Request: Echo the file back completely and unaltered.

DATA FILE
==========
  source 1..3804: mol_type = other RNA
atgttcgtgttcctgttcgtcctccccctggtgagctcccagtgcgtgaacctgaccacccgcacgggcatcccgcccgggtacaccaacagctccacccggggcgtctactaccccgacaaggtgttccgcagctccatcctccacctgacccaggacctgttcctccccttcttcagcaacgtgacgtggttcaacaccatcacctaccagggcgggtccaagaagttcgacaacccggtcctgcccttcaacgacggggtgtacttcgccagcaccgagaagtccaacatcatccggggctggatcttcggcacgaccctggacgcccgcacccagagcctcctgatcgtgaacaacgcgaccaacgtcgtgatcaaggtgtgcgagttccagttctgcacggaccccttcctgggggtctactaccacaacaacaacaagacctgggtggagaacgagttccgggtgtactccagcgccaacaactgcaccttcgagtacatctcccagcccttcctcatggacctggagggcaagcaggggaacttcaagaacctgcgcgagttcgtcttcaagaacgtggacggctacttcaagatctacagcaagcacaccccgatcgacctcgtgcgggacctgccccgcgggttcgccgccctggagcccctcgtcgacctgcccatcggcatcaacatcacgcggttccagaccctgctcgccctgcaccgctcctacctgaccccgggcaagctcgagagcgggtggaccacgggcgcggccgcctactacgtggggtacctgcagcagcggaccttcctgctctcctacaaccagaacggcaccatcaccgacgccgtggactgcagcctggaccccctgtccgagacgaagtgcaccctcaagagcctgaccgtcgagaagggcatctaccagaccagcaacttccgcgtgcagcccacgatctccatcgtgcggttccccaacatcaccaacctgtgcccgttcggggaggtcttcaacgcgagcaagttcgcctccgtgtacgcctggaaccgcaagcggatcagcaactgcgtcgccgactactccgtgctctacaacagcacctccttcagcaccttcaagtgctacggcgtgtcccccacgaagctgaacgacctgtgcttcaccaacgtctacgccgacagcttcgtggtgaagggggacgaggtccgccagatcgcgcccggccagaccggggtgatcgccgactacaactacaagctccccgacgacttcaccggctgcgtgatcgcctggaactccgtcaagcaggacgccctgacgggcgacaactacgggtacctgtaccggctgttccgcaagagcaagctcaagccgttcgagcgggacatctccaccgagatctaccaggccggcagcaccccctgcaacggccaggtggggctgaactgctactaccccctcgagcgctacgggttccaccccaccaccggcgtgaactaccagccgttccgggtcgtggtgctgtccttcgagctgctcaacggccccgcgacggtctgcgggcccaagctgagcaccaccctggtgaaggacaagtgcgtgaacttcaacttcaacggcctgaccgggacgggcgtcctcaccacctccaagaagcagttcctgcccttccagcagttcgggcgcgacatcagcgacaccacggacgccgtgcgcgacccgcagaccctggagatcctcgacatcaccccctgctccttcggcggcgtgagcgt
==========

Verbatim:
  source 1..3804: mol_type = other RNA
atgttcgtgttcctgttcgtcctccccctggtgagctcccagtgcgtgaacctgaccacccgcacgggcatcccgcccgggtacaccaacagctccacccggggcgtctactaccccgacaaggtgttccgcagctccatcctccacctgacccaggacctgttcctccccttcttcagcaacgtgacgtggttcaacaccatcacctaccagggcgggtccaagaagttcgacaacccggtcctgcccttcaacgacggggtgtacttcgccagcaccgagaagtccaacatcatccggggctggatcttcggcacgaccctggacgcccgcacccagagcctcctgatcgtgaacaacgcgaccaacgtcgtgatcaaggtgtgcgagttccagttctgcacggaccccttcctgggggtctactaccacaacaacaacaagacctgggtggagaacgagttccgggtgtactccagcgccaacaactgcaccttcgagtacatctcccagcccttcctcatggacctggagggcaagcaggggaacttcaagaacctgcgcgagttcgtcttcaagaacgtggacggctacttcaagatctacagcaagcacaccccgatcgacctcgtgcgggacctgccccgcgggttcgccgccctggagcccctcgtcgacctgcccatcggcatcaacatcacgcggttccagaccctgctcgccctgcaccgctcctacctgaccccgggcaagctcgagagcgggtggaccacgggcgcggccgcctactacgtggggtacctgcagcagcggaccttcctgctctcctacaaccagaacggcaccatcaccgacgccgtggactgcagcctggaccccctgtccgagacgaagtgcaccctcaagagcctgaccgtcgagaagggcatctaccagaccagcaacttccgcgtgcagcccacgatctccatcgtgcggttccccaacatcaccaacctgtgcccgttcggggaggtcttcaacgcgagcaagttcgcctccgtgtacgcctggaaccgcaagcggatcagcaactgcgtcgccgactactccgtgctctacaacagcacctccttcagcaccttcaagtgctacggcgtgtcccccacgaagctgaacgacctgtgcttcaccaacgtctacgccgacagcttcgtggtgaagggggacgaggtccgccagatcgcgcccggccagaccggggtgatcgccgactacaactacaagctccccgacgacttcaccggctgcgtgatcgcctggaactccgtcaagcaggacgccctgacgggcgacaactacgggtacctgtaccggctgttccgcaagagcaagctcaagccgttcgagcgggacatctccaccgagatctaccaggccggcagcaccccctgcaacggccaggtggggctgaactgctactaccccctcgagcgctacgggttccaccccaccaccggcgtgaactaccagccgttccgggtcgtggtgctgtccttcgagctgctcaacggccccgcgacggtctgcgggcccaagctgagcaccaccctggtgaaggacaagtgcgtgaacttcaacttcaacggcctgaccgggacgggcgtcctcaccacctccaagaagcagttcctgcccttccagcagttcgggcgcgacatcagcgacaccacggacgccgtgcgcgacccgcagaccctggagatcctcgacatcaccccctgctccttcggcggcgtgagcgt